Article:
Smilodon with Neanderthal (ANIA by Takara Tomy)

4.6 (20 votes)

The majority of items in my prehistoric collection are purchased online. Schleich abounds at several brick and mortar stores in my neck of the woods, but I’m not a huge consumer of their wares. Safari Ltd. products are sold at Michael’s and the local natural history museum, but the assortment is always woefully limited. As for CollectA, Eofauna, and PNSO, forget it. But once in a blue moon, I’ve managed to come across something I didn’t think would ever pop up in Ottawa. That was the case about a year ago when I was at Dollarama, a discount variety chain. Lo and behold, there was the ANIA Smilodon (the packaging calls it a “Saber Tooth Tiger,” but I’m sure not going to) and Neanderthal set at under $10. Couldn’t pass up a deal like that!

Let’s begin with the weaker half of the duo, the Neanderthal. He is sculpted with his left foot forward and planted while his right foot is extended back and balancing on the toes.  This pose makes it impossible to stand up on his own, so the designer(s) included a large rock with a slot to stick his right heel into. But not only does this look silly, it doesn’t help at all in keeping our prehistoric cousin on his feet! I had to turn to my trusty bucket of clear LEGO bricks instead. 

The Neanderthal stands about 7 cm tall. His skin is light brown with dark wash to accentuate his physique and simulate body hair. The hair on his head is dark brown and his eyes are black with white pupils, which is rather bizarre and slightly unsettling. He wears a thick fur loincloth coloured beige and dark brown with darker wash. And in case you were wondering, no, there’s nothing visibly sculpted between his legs. 

The stout, barrel-like chest, enlarged brow ridge, and large nose leave no doubt as to this chap’s Neanderthal status. His limbs are well-muscled, but not beefy, as you would expect from living a hardscrabble lifestyle. His articulation consists of arms that rotate at the shoulders. Gripped tightly in his right fist is a length of wood that is much thicker at the top end, so I guess you could call it a club. Contrary to stereotypical depictions, there’s no evidence of Neanderthals using clubs. A stone-tipped spear or a hand axe would have been more appropriate. But given that the Neanderthal’s left hand is also clenched in a fist, it’s possible that he just grabbed whatever piece of wood lay handy in order to defend himself from the marauding Smilodon

But here arises a glaring inaccuracy. Neanderthals are only known from Eurasia whereas Smilodon is only known from the Americas. Packaging these two together is like packaging a figure of an Oghuz Turk or a Hittite with a jaguar or a puma!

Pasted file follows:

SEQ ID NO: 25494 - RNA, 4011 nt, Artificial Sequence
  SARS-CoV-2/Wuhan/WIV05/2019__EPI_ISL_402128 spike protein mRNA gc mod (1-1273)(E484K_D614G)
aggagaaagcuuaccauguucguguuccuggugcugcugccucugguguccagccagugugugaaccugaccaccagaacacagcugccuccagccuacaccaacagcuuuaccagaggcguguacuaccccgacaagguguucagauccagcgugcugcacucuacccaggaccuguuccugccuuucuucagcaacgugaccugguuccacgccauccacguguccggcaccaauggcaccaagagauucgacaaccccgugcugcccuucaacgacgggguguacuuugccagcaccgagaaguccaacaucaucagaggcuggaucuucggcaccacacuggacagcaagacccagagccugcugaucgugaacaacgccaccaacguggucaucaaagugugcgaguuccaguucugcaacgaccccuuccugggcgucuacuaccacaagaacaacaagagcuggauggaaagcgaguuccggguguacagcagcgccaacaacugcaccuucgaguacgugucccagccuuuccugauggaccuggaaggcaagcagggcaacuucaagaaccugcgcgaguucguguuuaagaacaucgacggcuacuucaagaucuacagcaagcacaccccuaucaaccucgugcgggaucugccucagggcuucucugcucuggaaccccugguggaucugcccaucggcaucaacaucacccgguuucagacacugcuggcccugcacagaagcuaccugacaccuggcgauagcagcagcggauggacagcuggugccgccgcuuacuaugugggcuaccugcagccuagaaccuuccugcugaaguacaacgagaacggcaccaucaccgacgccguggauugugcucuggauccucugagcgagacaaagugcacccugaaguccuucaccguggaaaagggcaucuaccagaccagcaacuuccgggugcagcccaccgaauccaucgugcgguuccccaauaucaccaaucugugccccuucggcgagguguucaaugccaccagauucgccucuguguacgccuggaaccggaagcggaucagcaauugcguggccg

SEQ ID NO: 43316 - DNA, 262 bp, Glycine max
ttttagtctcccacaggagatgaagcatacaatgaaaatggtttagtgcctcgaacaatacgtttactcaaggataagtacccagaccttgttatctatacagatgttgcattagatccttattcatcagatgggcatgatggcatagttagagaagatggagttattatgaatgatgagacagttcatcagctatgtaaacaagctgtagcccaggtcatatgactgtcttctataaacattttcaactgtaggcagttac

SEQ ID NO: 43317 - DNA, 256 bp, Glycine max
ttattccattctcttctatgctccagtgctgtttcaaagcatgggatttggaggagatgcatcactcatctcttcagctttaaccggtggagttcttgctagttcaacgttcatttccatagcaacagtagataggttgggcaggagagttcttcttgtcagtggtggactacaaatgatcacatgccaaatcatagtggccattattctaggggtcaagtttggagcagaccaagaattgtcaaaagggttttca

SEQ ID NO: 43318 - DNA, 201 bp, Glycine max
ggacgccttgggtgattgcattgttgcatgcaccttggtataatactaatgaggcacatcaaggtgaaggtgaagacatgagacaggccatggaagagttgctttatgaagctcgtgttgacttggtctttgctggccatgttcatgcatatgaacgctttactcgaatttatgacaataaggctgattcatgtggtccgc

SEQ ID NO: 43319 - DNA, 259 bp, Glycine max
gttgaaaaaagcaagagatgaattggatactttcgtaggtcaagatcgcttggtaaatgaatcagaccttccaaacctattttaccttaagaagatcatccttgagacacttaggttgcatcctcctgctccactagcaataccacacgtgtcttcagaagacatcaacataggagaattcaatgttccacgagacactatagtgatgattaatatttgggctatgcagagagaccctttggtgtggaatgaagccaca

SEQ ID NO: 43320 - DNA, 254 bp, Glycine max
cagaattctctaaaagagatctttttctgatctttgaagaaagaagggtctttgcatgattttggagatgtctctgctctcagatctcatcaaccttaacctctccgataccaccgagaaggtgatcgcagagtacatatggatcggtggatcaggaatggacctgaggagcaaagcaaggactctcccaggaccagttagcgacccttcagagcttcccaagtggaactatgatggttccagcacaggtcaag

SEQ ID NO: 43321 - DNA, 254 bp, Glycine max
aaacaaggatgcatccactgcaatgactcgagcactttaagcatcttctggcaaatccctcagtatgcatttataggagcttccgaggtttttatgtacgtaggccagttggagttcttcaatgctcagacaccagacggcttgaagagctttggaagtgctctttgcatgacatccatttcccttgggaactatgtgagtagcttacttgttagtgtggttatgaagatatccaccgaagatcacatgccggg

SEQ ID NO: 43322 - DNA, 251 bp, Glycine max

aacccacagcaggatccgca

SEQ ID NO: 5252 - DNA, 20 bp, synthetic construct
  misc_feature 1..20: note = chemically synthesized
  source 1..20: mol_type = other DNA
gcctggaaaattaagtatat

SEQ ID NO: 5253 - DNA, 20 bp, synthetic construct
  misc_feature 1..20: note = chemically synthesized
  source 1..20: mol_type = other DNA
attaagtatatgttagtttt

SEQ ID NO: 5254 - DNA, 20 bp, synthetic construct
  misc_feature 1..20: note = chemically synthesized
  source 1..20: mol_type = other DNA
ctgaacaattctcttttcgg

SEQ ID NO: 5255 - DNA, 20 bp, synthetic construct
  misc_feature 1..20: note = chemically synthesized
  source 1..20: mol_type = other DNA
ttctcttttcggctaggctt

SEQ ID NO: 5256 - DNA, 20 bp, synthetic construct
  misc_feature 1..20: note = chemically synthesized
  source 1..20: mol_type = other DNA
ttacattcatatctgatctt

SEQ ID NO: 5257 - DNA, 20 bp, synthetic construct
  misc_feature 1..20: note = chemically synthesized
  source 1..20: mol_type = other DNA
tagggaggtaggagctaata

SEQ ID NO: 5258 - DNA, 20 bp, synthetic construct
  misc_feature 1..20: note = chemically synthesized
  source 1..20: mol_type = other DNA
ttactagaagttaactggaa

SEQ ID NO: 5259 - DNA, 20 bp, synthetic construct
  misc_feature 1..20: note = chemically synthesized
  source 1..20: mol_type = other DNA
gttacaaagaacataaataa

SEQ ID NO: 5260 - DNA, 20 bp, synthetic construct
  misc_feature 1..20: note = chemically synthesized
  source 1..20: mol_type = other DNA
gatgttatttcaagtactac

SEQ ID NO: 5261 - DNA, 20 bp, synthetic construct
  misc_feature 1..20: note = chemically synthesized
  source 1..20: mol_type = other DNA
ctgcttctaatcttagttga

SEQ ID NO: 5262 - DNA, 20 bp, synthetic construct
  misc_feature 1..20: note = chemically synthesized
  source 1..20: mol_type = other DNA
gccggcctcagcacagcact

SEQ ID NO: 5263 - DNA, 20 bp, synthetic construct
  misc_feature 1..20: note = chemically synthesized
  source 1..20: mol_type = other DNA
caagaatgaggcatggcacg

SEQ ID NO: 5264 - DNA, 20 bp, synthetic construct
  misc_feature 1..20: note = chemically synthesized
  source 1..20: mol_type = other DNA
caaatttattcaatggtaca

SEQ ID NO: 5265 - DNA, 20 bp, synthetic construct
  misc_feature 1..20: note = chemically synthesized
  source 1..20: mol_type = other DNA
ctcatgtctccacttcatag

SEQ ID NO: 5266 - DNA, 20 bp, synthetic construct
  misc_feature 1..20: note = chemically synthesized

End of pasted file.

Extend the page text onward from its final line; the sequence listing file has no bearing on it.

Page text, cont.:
With the Safari Ltd. woolly mammoth. This pairing would have been accurate.

Anyway, let’s move on to the Smilodon. It’s posed dynamically with the head facing slightly to the right, right front limb extended forward and left one extended back, right hind limb extended back and left one extended forward, and tail curled slightly upward. The muscles in all the limbs are taut and the big cat looks like it’s either stalking or confronting some prey. The lower jaw can open to about a 90 degree angle or close all the way shut with only the upper canines protruding. Some good engineering there, although the large peg holes on the cheeks are rather unsightly. 

The Smilodon measures about 11 cm long from its nose to the back of its right hind foot. Its fur is mostly light orange with white on the underbelly and small medium brown markings on the head, neck, flanks, and limbs. The tail tip and the backs of the ears are black. Black is also used for the claws, the foot padding, and around the nose and mouth. The eyes are gold, the teeth are white, and the nose and the inside of the mouth are dark pink. Quite an impressive paint job for a relatively small figure, I must say. There are even some black whiskers neatly painted on the front of the muzzle. 

The fur has minimal sculpting detail for the most part, which gives it the appearance of being short and sleek. Thicker, shaggier fur, however, can be seen on the throat and the belly. There are no visible external genitals, which suggests that this individual is a female. 

Most of the Smilodon toys that have come out over the years have suffered from inaccuracies with the proportions of various body parts. This one, however, rates surprisingly and pleasingly high! The head is not oversized and the fangs appear to be the right length. The neck is long, there is a noticeable hump over the shoulders, the body is neither too skinny nor too chunky, and the limbs are neither too long nor too short. Indeed, this may well be the most scientifically accurate toy of Smilodon released to date! 

With the Safari Ltd. Macrauchenia and Megatherium. The latter is too small, but the former scales perfectly with the Smilodon!
With the Safari Ltd. and Mojo Fun versions. Note the differences in the proportions of the heads!

Despite the fact that the instability of the Neanderthal figure greatly reduces its play value, and the fact that these two organisms never encountered each other in real life, the excellent quality of the Smilodon more than makes up for these shortcomings. Other toy companies ought to look to this one if they ever elect to replace their own Smilodon figures in the future. This set is available at various online stores such as AliExpress and HobbyLink Japan. 

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